3D printing has been gaining momentum for a while now, thanks in part to the efforts of hobbyists to make the technology more affordable and visible. As a result, more companies and individuals approach projects with the idea that 3D printing can be at least part of the solution.
It’s not that 3D printing is meant to replace traditional manufacturing, rather, it’s a way to enable opportunities that would otherwise be too expensive, or straight-up impossible.
If you need 200,000 of something, chances are you’re already using 3D printing for prototypes. But if you only need a fifty units, or one, you now have a ton of ways to turn imagination into physical reality.
What’s out there right now
Today, there are a few ways of producing things with 3D printing without shelling out tens of thousands of dollars. Low-end 3D printers start at about $500, going up to a $2200 prosumer level with varying ranges of output quality and build sizes in between.
There are also online services where one can upload a finished design to be 3D printed on demand, to take delivery in a few weeks.
But what if you don’t have a design? Or you need to clone an existing part? Or you need a fast turnaround, or multiple materials? Or just to talk to someone in person?
Local shops mean personal service
3D Phacktory represents a great opportunity to explore what’s possible. The shop has a whole bunch of equipment that individuals and small companies would not usually have access to.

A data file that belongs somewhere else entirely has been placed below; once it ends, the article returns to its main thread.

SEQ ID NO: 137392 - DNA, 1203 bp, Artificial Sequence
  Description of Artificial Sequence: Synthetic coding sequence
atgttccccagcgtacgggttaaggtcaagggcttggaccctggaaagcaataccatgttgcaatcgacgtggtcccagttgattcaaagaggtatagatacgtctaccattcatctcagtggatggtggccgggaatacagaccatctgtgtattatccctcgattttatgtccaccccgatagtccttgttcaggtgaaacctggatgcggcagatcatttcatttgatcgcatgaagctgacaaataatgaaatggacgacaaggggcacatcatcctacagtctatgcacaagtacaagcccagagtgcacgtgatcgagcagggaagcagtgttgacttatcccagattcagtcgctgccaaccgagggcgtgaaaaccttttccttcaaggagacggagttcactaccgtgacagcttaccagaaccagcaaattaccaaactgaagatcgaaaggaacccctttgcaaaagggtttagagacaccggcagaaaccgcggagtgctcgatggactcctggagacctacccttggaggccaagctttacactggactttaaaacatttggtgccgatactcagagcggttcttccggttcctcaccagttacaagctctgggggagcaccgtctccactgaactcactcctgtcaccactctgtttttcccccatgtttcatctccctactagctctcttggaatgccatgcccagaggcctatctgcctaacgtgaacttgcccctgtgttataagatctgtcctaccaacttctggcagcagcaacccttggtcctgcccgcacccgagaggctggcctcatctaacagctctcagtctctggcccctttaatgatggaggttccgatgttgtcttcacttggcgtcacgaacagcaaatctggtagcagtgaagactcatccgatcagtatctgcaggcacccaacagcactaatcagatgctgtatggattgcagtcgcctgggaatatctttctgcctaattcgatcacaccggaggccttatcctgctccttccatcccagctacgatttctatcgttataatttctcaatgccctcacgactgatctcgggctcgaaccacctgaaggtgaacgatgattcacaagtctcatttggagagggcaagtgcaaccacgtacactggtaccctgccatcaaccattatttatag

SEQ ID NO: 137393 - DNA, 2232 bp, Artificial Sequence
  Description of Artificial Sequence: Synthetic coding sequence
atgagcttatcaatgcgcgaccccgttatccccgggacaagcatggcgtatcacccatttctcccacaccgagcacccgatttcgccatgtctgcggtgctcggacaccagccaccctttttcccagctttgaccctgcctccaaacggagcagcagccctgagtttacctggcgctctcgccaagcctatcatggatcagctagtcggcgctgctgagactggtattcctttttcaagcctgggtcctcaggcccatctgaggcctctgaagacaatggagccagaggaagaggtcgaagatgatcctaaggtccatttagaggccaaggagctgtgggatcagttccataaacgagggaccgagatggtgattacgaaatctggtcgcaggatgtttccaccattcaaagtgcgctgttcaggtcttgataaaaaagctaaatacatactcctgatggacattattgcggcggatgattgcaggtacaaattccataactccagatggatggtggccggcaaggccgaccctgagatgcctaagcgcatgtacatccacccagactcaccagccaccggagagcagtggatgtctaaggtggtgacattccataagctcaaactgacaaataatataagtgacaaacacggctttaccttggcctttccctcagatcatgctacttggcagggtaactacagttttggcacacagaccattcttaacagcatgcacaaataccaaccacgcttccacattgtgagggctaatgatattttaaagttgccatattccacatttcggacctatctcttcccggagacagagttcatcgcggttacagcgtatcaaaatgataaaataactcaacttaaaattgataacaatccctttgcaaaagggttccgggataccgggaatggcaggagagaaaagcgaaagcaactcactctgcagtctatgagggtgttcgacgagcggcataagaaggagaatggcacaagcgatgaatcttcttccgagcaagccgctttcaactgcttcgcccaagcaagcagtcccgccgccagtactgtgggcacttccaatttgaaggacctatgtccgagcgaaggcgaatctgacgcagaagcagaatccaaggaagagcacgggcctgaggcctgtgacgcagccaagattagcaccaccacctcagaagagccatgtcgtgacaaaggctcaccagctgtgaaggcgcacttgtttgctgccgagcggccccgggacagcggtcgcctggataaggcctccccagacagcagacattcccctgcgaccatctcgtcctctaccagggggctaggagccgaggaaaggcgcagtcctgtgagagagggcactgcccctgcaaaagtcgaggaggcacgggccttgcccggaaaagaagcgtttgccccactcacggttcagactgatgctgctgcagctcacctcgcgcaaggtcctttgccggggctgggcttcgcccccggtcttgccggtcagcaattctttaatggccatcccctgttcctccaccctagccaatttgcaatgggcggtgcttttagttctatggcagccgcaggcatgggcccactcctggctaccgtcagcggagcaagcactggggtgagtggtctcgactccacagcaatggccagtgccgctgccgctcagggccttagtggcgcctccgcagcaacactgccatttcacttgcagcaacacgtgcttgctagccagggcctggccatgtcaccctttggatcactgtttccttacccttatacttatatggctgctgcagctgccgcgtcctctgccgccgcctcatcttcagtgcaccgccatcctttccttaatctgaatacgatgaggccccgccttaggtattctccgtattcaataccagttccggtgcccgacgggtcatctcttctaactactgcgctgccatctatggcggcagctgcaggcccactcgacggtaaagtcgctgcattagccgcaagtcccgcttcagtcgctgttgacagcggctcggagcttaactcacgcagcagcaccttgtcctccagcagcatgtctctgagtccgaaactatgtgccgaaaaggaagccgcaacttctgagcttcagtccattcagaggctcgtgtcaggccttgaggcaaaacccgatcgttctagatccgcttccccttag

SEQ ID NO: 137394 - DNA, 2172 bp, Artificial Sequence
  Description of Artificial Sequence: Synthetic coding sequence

Like a high-end handheld 3D scanner, which makes it practical to import things from the real world for editing or copying.
Or an Objet Conex 500 3D printer, which is capable of producing 14 different materials in a single print. So if your design has to be rigid in some areas, or soft and transparent in others, it’s all one job.
But the real strength of a local shop is having creative, experienced people on hand that you can talk to. 3D Phacktory is basically a friendly design studio that you can walk into with an idea, and come away with a physical object.
Maybe you prototype things in “draft mode” on hobbyist gear and need amazing quality for the final version. Maybe your film production needs props. Maybe you’ve never done 3D design before and just need a small doohickey for your boat that no one makes anymore!
In the end, it’s up to you what 3D printing is useful for. Hopefully you’ll agree with me that 3D Phacktory is a great place to help people and companies realize their vision.
About the Author
Derek Quenneville is a 3D printing evangelist and digital fabrication artist who got his start with the introduction of hobbyist 3D printers. He is heavily involved in the Maker community in Toronto, Canada and is very passionate about introducing people to the latest tools and technologies that enable creativity.